Have you ever heard of Italo? The name refers to a genre of music that was made primarily in Italy (though not exclusively), and is basically a catch-all term for the pop music of 1980s Italy. What could be more intriguing?
Like any genre of music, Italo carries with it degrees of sophistication, polish, and genuine artistry. A lot of Italo was made by youngsters in make-shift home studios. But some of it was created in the big flashy studios of Rome and Bologna. There are a few cross-over Italo hits that made it to the radio in the States too. The most famous one, by RAF, called “Self-Control” was covered by Laura Branigan who scored a big hit with it in 1985. My favorite version of that song comes from a Miami Vice episode (“The Great McCarthy”) where a local Miami band, The Persuaders, are heard covering it at a hip party. It’s a great moment in television history. Or perhaps you’ve seen the Mockingbird favorite, The Last Days of Disco, where Ryan Paris’ song “La Dolce Vita” (obviously a reference to Romans 8:1) is featured prominently in one of the film’s final scenes. And there’s this ridiculous one which was a fairly substantial radio hit, also in 1985.
The hall-marks of Italo include: English lyrics sung by people who don’t speak English, synthesizers, drum machines (often coupled with live percussion), and robotic vocals (made using something called a vocoder — go to 1:09 for an amazing example). Many of the classics also include tom-centric drum solos during the instrumental breaks in-between verses (i.e., in place of guitar solos). The range of music within the genre is huge, from prom-ballads to punk-y New Wave scorchers (like this Vivien Vee jam), from glammed-out sexy synth-pop to amateur garage experiments in twisted funk, from R & B boogie to odd Rasta sell-out pop, with huge amounts of cosmic electronic fun, bad teenage rapping, and 80s fashion sensibility for days.
Most Italo is light-hearted, full of catchy Top 40-type hooks that sort of require you to shut off your brain, allowing your heart to do the listening, the epitome of “guilty pleasure” music. You won’t tell anyone that you listen to Italo, but you may find yourself turning it up to 11, lip-syncing and dancing in your Smart car in traffic in the middle of the day (while wearing your collar, on the way to a hospital visit), because you just can’t help it.
Italo experienced a huge resurgence in popularity (in Europe) starting about 15 years ago. While DJs in the US were digging for obscure funk records, their European counter-parts began exploring the obscure records of their past, with Italo records being a huge component of the Continental vinyl legacy. Today these records often sell for huge amounts of money, like $200-300 for a single 12″ single (for example: current Italo Ebay auctions).
For me, the music has come to take on theological overtones and subtext. Perhaps I’m the only one who naturally assumes that the voice of a robot obviously represents the (foreign/alien) word of the Gospel, a revelation, the word from outside. The amateur-ish singing is human in the extreme, which in Italo means typically quite raw in its production and confusingly inarticulate (jump to 3:55), depicting humanity in its fallen state of constrained need (i.e., for salvation). The dynamic tom-tom solos represent the battle between the human and the robot, our endless struggle to incorporate and trust the robotic/heavenly voice of assurance that we find in Christ. The fact that the lyrics are not being sung in their native tongue also reminds me of the way that the Gospel restructures our interaction with the world, causing us, at least in theory, to reach out charitably to our neighbors, often at the expense of comfort, all for the sake of getting a simple message out which will bless those who have not encountered it before.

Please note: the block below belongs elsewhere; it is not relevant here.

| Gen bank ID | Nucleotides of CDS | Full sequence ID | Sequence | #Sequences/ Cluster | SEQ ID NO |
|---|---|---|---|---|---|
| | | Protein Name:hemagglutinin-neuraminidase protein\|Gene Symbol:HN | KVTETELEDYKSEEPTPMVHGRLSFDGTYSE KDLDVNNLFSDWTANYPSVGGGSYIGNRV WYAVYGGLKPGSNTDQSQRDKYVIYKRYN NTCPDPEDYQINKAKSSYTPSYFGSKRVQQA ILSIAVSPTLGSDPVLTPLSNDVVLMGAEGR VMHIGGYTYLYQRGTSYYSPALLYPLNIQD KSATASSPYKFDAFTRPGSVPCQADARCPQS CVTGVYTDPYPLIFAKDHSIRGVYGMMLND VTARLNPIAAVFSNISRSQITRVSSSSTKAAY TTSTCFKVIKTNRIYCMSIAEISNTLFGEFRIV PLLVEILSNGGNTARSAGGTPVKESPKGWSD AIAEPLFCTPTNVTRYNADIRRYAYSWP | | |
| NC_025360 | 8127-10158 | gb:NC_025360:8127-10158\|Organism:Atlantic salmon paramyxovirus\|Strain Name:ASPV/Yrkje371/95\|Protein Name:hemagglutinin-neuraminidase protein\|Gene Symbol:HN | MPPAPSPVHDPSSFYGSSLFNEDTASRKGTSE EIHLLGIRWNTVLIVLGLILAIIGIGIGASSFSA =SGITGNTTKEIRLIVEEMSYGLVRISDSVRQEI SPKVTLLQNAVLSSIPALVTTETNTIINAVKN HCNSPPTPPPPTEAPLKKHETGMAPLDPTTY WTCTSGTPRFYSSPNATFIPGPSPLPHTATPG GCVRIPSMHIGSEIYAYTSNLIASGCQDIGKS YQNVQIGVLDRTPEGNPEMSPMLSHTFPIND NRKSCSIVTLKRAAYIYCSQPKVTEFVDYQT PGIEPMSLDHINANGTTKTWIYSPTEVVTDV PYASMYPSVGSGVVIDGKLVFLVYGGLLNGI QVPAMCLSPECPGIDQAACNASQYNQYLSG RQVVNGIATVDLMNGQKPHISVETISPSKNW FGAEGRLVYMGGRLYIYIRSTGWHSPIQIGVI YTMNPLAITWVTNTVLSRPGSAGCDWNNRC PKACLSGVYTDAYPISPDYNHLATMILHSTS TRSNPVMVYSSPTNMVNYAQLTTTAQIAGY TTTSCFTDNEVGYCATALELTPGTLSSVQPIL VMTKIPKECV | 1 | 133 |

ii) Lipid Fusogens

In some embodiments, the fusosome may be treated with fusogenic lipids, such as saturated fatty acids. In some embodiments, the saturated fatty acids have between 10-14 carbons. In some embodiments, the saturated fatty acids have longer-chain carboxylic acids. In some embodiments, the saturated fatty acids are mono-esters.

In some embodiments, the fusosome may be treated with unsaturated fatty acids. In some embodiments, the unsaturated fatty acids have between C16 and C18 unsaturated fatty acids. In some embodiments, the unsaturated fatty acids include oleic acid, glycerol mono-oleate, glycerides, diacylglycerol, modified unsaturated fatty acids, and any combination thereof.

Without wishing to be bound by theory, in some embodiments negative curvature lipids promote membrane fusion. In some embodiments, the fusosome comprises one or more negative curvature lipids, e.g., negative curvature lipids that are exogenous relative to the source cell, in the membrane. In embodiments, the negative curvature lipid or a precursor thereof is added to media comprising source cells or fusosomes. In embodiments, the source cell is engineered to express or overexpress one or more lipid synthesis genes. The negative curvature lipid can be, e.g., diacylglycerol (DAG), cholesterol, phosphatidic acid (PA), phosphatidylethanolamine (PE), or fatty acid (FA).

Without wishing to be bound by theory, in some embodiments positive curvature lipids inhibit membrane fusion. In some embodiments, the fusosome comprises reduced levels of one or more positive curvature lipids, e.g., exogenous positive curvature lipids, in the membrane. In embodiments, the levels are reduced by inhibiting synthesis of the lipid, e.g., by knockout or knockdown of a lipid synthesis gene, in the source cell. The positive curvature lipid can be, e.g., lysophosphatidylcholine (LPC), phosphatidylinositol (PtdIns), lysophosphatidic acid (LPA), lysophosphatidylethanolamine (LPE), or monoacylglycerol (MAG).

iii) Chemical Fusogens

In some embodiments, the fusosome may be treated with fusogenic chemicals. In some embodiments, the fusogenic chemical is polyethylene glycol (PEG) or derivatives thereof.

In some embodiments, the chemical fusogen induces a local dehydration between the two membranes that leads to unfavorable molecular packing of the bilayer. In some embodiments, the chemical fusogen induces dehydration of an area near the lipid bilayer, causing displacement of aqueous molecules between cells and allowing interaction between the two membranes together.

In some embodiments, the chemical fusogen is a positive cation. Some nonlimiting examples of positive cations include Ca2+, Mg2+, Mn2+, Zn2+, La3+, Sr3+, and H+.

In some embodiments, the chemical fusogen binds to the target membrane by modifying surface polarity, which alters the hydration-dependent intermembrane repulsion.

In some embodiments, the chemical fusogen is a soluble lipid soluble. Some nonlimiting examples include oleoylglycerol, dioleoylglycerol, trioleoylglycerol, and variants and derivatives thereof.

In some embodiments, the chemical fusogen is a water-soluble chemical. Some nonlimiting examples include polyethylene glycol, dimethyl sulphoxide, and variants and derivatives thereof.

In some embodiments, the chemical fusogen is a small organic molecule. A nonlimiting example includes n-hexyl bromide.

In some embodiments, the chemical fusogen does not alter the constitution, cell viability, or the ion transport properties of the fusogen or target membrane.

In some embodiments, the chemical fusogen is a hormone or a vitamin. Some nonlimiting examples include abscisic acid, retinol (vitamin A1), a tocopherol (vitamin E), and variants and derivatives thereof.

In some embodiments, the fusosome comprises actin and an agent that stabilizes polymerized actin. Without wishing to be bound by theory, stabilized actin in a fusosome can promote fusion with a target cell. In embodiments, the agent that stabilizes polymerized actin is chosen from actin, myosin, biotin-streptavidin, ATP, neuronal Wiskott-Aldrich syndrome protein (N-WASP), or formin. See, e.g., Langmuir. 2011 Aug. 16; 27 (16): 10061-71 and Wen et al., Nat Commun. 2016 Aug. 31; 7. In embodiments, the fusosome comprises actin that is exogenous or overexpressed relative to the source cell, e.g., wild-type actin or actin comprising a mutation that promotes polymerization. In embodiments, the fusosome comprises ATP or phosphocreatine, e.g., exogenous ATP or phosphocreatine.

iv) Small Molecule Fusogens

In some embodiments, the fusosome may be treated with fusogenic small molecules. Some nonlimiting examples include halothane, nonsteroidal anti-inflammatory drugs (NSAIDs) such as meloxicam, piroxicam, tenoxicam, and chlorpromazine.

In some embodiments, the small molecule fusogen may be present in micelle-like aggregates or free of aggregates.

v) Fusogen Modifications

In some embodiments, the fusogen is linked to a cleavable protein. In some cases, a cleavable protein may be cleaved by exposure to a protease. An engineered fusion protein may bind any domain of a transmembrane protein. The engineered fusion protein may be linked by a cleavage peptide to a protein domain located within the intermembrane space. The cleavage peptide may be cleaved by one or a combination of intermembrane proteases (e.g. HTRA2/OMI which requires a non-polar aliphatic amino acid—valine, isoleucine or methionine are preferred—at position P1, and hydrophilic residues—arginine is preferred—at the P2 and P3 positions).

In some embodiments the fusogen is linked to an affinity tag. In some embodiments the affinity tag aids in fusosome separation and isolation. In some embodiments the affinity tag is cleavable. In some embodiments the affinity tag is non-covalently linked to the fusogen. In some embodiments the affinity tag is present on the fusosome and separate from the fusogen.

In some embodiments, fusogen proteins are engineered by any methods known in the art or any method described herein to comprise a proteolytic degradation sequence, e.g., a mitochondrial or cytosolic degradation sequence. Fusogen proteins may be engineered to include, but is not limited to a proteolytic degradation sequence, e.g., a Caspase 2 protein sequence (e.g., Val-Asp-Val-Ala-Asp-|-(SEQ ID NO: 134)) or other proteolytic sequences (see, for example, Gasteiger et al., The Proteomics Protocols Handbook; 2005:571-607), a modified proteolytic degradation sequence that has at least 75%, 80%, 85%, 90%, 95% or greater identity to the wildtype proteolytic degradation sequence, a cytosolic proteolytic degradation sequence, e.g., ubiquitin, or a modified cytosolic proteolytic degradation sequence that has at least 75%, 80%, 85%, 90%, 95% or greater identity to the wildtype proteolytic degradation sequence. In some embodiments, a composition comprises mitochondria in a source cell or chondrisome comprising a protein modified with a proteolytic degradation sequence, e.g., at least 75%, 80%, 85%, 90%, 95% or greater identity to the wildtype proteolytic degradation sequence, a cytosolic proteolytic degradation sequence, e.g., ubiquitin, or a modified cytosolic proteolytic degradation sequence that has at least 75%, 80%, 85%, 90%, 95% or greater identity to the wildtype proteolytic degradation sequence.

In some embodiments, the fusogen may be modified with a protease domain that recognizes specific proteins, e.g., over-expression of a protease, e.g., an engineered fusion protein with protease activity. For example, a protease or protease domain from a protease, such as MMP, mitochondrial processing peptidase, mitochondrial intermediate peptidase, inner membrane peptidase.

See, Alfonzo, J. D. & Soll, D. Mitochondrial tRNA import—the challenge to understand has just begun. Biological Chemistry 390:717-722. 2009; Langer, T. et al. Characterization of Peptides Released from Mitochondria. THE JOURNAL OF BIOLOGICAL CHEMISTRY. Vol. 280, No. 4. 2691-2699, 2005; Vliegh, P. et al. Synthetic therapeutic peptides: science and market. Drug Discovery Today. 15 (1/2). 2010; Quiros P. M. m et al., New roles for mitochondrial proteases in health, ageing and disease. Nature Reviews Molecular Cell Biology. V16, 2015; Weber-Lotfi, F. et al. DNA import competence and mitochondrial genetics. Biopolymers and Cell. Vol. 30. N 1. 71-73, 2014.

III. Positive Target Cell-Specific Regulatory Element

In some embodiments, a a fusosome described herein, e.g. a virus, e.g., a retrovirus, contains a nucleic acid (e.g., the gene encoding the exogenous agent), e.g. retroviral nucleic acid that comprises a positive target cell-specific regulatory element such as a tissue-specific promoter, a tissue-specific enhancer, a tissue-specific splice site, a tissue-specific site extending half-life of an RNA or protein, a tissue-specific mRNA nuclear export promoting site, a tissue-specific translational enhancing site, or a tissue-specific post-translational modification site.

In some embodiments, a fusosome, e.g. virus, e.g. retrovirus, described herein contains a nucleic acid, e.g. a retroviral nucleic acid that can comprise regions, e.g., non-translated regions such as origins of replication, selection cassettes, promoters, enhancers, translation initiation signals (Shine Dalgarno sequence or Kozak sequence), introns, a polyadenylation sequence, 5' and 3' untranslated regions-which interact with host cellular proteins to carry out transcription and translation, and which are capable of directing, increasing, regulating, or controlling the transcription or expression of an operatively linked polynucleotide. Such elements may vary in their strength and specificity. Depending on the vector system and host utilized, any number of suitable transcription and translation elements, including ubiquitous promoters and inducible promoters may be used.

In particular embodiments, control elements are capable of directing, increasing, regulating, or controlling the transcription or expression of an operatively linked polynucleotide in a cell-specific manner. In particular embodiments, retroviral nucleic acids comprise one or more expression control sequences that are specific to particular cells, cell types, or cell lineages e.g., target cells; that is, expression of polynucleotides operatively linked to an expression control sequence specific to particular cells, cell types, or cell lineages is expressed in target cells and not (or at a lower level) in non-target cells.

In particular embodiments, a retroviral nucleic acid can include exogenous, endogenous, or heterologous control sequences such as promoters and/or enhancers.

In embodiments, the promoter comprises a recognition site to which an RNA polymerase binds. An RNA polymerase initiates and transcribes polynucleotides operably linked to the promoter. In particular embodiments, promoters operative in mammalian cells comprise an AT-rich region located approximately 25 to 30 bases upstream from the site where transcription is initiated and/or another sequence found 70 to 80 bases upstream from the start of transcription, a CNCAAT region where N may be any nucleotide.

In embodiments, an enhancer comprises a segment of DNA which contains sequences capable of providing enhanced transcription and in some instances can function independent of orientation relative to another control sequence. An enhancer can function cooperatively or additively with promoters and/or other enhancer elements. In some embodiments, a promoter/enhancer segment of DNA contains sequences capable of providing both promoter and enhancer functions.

Plus, there’s the fact that 99% of Italo is, at its heart, music designed to make people dance. Think of the inhibitions that have to be overcome for a person to start dancing, the needed freedom from the Law that only a special groove can draw forth. It’s the kind of thing that one can easily associate with the Gospel. For example:
And because it is so unlike the majority of the American rock music tradition, in that it places little to no emphasis upon the guitar, Italo has the ability to completely reorient our thinking about music by sort of throwing the US listener off balance. You might hate it; foolishness to some and a stumbling block to others. But I, for one, absolutely love it! And so do these people:
Here is a mix I made five years ago of some Italo “classics”. It’s called Italo 101 and should serve as a nice primer for those who want to wade in. A friend of Mockingbird who works as a photographer told me that he used to put it on during photo shoots because it brought a weird candidness to the proceedings. He used it, for example, when he photographed the now adult members of the band Hanson (of “MmmBop” fame). Apparently they “sort of liked it”.
Finally, it is worth noting that Italo music paved the way for modern electronic dance music, house music, DFA-type hipster stuff, and so much of the contemporary landscape of music today (e.g., Turntable-ist Competitions began in Italy). All of it came from “Nazareth”, the Italian equivalent, from fisherman-like voices in small towns that dotted what were at that time still very much the remote countryside. Here are three more of my favorite specimens of this weird and important piece of pop/music history (in case you haven’t been making use of the hyper-linked Italo-canon history lesson contained within the text above).
p.s., Don’t get me started on “Italo Disco”, which is a completely different but equally amazing genre.